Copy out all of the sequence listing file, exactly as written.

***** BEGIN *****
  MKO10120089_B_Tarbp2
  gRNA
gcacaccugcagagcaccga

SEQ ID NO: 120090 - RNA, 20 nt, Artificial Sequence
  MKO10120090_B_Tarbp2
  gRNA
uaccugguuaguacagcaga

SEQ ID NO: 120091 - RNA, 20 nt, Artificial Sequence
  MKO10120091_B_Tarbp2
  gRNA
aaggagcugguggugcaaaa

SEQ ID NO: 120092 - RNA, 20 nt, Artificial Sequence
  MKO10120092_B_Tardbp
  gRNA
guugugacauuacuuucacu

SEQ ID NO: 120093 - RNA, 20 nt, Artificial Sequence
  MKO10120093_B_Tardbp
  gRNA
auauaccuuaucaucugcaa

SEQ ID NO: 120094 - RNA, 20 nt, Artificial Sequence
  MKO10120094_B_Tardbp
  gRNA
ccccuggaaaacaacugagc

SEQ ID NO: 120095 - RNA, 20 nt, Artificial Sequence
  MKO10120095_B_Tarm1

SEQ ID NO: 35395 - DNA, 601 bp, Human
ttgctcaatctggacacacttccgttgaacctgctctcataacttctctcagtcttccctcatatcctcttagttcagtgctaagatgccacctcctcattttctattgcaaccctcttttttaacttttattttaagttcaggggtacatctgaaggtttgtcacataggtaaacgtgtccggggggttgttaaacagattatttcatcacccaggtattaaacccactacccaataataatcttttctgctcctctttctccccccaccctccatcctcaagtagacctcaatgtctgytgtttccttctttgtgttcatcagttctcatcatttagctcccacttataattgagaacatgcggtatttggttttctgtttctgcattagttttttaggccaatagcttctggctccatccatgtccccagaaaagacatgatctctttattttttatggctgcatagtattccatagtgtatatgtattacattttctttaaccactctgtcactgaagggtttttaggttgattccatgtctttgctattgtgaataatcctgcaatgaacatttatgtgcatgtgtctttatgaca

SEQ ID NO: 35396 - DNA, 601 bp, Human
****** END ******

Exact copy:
  MKO10120089_B_Tarbp2
  gRNA
gcacaccugcagagcaccga

SEQ ID NO: 120090 - RNA, 20 nt, Artificial Sequence
  MKO10120090_B_Tarbp2
  gRNA
uaccugguuaguacagcaga

SEQ ID NO: 120091 - RNA, 20 nt, Artificial Sequence
  MKO10120091_B_Tarbp2
  gRNA
aaggagcugguggugcaaaa

SEQ ID NO: 120092 - RNA, 20 nt, Artificial Sequence
  MKO10120092_B_Tardbp
  gRNA
guugugacauuacuuucacu

SEQ ID NO: 120093 - RNA, 20 nt, Artificial Sequence
  MKO10120093_B_Tardbp
  gRNA
auauaccuuaucaucugcaa

SEQ ID NO: 120094 - RNA, 20 nt, Artificial Sequence
  MKO10120094_B_Tardbp
  gRNA
ccccuggaaaacaacugagc

SEQ ID NO: 120095 - RNA, 20 nt, Artificial Sequence
  MKO10120095_B_Tarm1

SEQ ID NO: 35395 - DNA, 601 bp, Human
ttgctcaatctggacacacttccgttgaacctgctctcataacttctctcagtcttccctcatatcctcttagttcagtgctaagatgccacctcctcattttctattgcaaccctcttttttaacttttattttaagttcaggggtacatctgaaggtttgtcacataggtaaacgtgtccggggggttgttaaacagattatttcatcacccaggtattaaacccactacccaataataatcttttctgctcctctttctccccccaccctccatcctcaagtagacctcaatgtctgytgtttccttctttgtgttcatcagttctcatcatttagctcccacttataattgagaacatgcggtatttggttttctgtttctgcattagttttttaggccaatagcttctggctccatccatgtccccagaaaagacatgatctctttattttttatggctgcatagtattccatagtgtatatgtattacattttctttaaccactctgtcactgaagggtttttaggttgattccatgtctttgctattgtgaataatcctgcaatgaacatttatgtgcatgtgtctttatgaca

SEQ ID NO: 35396 - DNA, 601 bp, Human